"It better be after all this waiting." Her mother retorted.
"Don't you laugh at your mother. It's getting late and driving in the dark makes me a bit nervous."
Lisbeth swallowed down her laugh, "I'm sorry. I would drive but." She gestured towards her leg, "Afraid I can't at the moment."
Her mother's smile faded into a sad frown, "You'll be able to use your leg in a couple of weeks."
"I didn't mean to make you sad."
"I know, it's just my maternal instincts." She put her hand on her daughter's cheek, "I'm sorry I wasn't there."
"We've been over this, mom..."
"I know I just," Her mother let out a sigh, "I'm sorry, it's best not to bring up the past."
Lisbeth smiled at her mother before jumping at the sound of a car horn behind them.
Lisbeth's mother frustration masked itself in a sigh and she turned back to the wheel and noticed it was finally their turn.
Lisbeth finished putting her long garnet hair into a loose ponytail for bed. She sat down on her bed holding the klonopin pill bow between her fingers. She had already taken the prozac, she took it as soon as she got it. She unscrewed the cap off taking the tiny pill in her palm. She didn't hesitate to place the pill on her tongue and swallow. Resting her head on the smooth pillow she took one last conscious deep breath before falling into the sleep her dreaded.
She awoke with shattered breathing. The sweat on her body clung to her like glue. She placed her hand on her forehead before slowly swiping it down. She got up, deciding it was best she have some water.
She walked down the stairs sending an all too familiar scene into her head. She looked at the large kitchen window, which had now been replaced. She shook her head and pressed forward. She opened the fridge and grabbed a water bottle. The cool bottle felt soothing grasped in her hand. She took a small sip before sitting down. She picked the water bottle up again and took a large gulp, upon setting it down she noticed the clear liquid was black. She immediately spit back out and stumbled out of her seat with the open water bottle crashing to the ground. She frantically wiped her mouth standing back up.
"What..?" She began before noticing the black liquid collect together and start to form upwards.
She placed both her hands over her mouth as the mass formed into the man donned in black. He lifted his head up to stare into her quivering eyes. "Lisbeth." He voice spoke with a slight whisper.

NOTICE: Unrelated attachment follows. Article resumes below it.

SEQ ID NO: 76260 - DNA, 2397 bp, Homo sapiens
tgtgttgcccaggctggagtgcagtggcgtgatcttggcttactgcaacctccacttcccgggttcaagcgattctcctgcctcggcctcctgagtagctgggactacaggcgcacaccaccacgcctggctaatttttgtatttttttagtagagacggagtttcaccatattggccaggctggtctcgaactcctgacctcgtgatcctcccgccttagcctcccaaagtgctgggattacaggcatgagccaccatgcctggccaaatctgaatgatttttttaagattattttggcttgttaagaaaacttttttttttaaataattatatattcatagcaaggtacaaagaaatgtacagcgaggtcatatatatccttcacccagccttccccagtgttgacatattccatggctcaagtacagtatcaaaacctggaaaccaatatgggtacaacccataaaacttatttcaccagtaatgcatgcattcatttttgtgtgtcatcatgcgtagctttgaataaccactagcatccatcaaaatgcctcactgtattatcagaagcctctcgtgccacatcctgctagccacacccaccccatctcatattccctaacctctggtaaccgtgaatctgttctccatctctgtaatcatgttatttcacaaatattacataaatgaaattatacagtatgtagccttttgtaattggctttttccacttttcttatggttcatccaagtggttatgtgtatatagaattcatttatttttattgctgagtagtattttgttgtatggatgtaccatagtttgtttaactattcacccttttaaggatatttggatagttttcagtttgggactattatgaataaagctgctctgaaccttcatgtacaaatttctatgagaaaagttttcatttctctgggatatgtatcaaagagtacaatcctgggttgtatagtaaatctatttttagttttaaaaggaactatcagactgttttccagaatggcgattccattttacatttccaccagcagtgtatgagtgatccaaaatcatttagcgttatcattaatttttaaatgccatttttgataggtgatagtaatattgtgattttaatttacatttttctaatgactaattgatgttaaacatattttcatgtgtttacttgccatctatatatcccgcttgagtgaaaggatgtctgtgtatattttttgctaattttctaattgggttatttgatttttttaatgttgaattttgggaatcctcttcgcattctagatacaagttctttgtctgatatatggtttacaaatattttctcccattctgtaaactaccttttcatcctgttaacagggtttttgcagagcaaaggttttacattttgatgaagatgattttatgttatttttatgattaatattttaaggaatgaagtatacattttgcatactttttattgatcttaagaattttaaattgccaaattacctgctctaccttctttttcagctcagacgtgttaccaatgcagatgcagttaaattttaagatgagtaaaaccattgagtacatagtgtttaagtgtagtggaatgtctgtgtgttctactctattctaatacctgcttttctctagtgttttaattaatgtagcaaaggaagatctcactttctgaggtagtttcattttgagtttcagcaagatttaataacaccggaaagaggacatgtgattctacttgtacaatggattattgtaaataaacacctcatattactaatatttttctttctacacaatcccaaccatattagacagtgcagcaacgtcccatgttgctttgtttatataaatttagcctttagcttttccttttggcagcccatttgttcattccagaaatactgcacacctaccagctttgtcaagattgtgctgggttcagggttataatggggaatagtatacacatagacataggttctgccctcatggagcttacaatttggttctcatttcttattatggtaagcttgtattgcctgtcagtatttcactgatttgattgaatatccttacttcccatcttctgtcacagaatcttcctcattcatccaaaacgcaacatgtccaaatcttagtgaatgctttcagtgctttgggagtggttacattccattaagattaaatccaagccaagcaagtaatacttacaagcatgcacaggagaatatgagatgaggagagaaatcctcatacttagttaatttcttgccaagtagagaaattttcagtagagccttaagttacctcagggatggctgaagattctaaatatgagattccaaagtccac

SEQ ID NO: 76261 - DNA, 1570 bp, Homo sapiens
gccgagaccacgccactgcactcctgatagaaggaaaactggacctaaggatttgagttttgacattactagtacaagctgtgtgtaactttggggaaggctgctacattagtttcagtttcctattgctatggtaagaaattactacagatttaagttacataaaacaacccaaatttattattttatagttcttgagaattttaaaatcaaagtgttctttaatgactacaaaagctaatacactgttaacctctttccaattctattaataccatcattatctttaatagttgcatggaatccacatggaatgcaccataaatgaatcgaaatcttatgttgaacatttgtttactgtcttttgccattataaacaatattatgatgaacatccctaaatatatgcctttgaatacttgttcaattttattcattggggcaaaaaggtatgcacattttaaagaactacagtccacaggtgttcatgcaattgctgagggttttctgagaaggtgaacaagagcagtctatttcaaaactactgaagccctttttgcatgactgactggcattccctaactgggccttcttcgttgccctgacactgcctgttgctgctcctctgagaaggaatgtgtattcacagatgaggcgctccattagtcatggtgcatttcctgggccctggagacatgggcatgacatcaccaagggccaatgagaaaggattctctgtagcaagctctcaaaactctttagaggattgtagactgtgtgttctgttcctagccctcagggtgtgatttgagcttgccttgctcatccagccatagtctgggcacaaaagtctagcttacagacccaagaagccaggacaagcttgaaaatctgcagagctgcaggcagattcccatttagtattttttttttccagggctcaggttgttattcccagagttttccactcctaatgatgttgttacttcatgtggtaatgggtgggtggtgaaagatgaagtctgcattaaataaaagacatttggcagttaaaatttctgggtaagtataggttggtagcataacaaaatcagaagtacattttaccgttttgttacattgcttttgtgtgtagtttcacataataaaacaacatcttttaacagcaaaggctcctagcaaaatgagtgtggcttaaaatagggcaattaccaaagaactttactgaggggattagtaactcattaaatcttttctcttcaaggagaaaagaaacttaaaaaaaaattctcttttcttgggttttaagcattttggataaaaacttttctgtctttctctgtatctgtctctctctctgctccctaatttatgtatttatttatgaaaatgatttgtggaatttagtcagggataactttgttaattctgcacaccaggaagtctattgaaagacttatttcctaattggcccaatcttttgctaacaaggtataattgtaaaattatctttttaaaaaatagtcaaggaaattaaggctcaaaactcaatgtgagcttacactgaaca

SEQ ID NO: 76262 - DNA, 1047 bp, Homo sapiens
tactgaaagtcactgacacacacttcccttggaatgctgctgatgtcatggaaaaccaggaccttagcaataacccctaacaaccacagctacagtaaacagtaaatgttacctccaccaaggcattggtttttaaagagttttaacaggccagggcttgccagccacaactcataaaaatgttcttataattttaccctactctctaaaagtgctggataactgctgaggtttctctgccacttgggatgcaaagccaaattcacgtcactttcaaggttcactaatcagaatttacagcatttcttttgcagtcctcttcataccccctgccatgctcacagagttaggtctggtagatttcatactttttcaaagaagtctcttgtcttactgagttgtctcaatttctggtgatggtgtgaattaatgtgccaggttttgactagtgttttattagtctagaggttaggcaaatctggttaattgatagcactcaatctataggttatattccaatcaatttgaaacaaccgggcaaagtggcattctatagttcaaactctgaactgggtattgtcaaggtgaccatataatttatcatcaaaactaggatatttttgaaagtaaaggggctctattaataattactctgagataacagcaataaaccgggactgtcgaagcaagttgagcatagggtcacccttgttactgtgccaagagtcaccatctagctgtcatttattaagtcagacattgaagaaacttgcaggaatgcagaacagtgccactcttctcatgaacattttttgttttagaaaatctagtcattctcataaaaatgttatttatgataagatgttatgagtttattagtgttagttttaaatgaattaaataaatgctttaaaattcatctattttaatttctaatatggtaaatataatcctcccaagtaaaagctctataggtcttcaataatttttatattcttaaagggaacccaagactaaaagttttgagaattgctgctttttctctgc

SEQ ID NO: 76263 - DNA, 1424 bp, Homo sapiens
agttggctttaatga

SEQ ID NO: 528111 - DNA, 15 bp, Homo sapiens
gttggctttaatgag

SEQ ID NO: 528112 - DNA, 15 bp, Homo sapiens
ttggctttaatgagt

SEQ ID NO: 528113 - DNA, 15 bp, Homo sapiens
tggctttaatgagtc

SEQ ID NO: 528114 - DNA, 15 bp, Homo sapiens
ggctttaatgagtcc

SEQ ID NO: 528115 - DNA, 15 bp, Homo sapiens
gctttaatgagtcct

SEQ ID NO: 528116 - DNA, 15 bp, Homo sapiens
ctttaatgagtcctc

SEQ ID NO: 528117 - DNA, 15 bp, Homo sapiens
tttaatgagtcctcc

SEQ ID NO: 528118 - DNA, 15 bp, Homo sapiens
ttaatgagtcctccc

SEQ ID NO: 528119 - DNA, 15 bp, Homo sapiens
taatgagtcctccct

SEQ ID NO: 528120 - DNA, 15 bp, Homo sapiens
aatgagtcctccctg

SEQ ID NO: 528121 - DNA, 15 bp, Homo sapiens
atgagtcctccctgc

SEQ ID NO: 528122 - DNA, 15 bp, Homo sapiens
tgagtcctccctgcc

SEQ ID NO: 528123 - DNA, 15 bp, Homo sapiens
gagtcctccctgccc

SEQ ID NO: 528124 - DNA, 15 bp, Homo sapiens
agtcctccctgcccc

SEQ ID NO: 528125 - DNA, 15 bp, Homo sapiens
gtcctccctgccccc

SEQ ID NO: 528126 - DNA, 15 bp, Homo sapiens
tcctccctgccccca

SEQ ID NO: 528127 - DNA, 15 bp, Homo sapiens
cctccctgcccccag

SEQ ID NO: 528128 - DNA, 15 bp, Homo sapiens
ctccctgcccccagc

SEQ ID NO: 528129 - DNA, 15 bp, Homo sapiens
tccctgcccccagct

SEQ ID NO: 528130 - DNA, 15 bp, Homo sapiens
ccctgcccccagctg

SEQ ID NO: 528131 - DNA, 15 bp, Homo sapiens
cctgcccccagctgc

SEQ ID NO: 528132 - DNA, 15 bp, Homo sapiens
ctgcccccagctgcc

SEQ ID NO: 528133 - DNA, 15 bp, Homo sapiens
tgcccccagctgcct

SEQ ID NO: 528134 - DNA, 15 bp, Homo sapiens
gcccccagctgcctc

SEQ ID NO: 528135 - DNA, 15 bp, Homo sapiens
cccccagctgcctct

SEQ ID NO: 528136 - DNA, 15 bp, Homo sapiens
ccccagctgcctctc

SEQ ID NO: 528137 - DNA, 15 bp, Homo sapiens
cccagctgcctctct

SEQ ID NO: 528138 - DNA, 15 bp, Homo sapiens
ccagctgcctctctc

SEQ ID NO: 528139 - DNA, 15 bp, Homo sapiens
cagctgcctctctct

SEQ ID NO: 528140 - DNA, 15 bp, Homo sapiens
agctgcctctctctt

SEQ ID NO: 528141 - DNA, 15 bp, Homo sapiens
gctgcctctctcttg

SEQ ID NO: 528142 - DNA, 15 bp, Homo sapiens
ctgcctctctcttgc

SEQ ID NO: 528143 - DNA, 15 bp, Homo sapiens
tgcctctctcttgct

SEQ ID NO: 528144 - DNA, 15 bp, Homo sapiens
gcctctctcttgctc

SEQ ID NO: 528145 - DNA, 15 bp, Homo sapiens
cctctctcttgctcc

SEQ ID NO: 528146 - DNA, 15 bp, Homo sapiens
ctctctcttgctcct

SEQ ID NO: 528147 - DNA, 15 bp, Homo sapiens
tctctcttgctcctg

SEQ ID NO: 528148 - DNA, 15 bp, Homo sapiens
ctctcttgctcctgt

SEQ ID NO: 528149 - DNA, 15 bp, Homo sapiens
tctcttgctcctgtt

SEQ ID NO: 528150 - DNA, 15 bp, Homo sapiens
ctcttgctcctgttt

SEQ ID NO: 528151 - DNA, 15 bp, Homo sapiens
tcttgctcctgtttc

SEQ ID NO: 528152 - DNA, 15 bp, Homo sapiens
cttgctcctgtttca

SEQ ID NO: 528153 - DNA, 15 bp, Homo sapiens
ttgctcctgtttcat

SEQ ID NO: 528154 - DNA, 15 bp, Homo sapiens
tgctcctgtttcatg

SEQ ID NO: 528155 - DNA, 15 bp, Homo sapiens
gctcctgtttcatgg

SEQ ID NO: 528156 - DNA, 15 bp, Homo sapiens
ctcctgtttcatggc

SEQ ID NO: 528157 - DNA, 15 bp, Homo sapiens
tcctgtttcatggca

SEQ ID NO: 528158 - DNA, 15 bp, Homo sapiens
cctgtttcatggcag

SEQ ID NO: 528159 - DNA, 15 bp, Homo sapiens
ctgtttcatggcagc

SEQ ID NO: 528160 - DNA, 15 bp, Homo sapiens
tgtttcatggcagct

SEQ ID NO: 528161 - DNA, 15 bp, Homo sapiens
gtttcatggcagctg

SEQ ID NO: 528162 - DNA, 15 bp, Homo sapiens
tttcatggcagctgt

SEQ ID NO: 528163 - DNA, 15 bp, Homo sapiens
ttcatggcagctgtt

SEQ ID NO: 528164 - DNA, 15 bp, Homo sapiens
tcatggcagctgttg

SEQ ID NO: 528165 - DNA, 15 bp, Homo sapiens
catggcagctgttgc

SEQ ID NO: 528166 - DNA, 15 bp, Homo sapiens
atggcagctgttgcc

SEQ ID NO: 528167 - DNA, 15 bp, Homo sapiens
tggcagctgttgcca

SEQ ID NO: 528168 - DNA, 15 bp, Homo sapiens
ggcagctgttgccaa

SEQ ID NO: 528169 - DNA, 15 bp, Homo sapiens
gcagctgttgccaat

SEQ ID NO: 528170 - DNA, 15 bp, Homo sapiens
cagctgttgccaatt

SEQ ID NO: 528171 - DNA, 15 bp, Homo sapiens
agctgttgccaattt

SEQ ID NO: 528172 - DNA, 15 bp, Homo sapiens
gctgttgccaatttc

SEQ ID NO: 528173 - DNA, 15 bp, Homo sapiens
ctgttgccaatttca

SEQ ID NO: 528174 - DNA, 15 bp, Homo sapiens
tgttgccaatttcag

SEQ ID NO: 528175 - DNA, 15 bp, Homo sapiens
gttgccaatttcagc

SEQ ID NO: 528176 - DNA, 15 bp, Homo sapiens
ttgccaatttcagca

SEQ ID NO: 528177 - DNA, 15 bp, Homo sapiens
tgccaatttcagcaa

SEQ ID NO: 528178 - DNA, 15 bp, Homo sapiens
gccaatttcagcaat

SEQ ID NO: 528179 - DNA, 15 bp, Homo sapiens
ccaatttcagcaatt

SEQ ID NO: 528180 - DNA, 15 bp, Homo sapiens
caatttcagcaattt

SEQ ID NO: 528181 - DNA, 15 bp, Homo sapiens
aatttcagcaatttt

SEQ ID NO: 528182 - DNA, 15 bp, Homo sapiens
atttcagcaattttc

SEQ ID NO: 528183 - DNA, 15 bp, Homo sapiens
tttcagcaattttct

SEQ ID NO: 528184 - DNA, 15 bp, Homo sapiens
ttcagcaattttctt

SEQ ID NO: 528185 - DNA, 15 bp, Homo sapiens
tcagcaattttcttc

"Lisbeth." He repeated again with force.
Lisbeth felt like death finger's were shoved down her throat.
"Lisbeth!" He shouted.
Her head shook slightly as her awoke.
"Lisbeth we're here. At Dr. Lecter's." Her mother informed.
"Oh," she removed her head from the window of the car, "Sorry."
"Yeah I'm fine."
"Do you need help getting up the stairs?"
"No I can manage. I'll see you in about an hour." Lisbeth said exiting the vehicle. She maneuvered her way up the stone stairs and into the waiting room of Dr. Lecter's office.
She didn't wait long until she heard Dr. Lecter open the door for her. His hair was again combed back neatly. His maroon suit fit him well and was dripping in elegance.
"Hello Ms. Lockett, please come in." He stepped aside allowing Lisbeth into the office.
"Thank you, Dr. Lecter." She entered the office.
"It feels as if I just saw you the other day." Lisbeth confessed.
"Really," He shut the door, "How so?"
"Well this week has almost been a blur," she took her seat, "Or one flash."
Dr. Lecter took his seat across from her, "Is that a good thing?"
"Well, it's not anything terrible." Lisbeth smiled.
"Very fair, Ms. Lockett. Tell me about the nightmares. How have they been?"
"They're still there, but I don't scream out anymore. I just don't want to worry my mother." Lisbeth admitted.
"How do you mean?"
"I just don't want her to worry about me."
"It would seem you're more concerned about your mother's well being than your own."
"Is that something bad?" Lisbeth questioned
"No, very noble, but it may get in the way of your treatment."
"How is your mother's behavior?" Dr. Lecter questioned.
"She's normal, she's been going back to work and generally happy."
"From what you say it seems your mother is doing perfectly fine."
"When she saw me in the hospital she looked so scared. I never want to see here like that." Lisbeth explained.
"I would expect the feelings are mutual." Dr. Lecter spoke.
Lisbeth bit the inside of her lip.
"Ms. Lockett I suggest to manage stress you consider joining an activity."
"An activity?" Lisbeth furrowed her brow.
"I believe it would help you manage stress which would reduce the amount of nightmares."
"I'll look into it. Thank you for the suggestion Dr. Lecter." Lisbeth thanked.
"Whatever the means be to helping you get back on track." Dr. Lecter smiled. "Now, back on the topic of the nightmares. It always involves the man who attacked you, correct."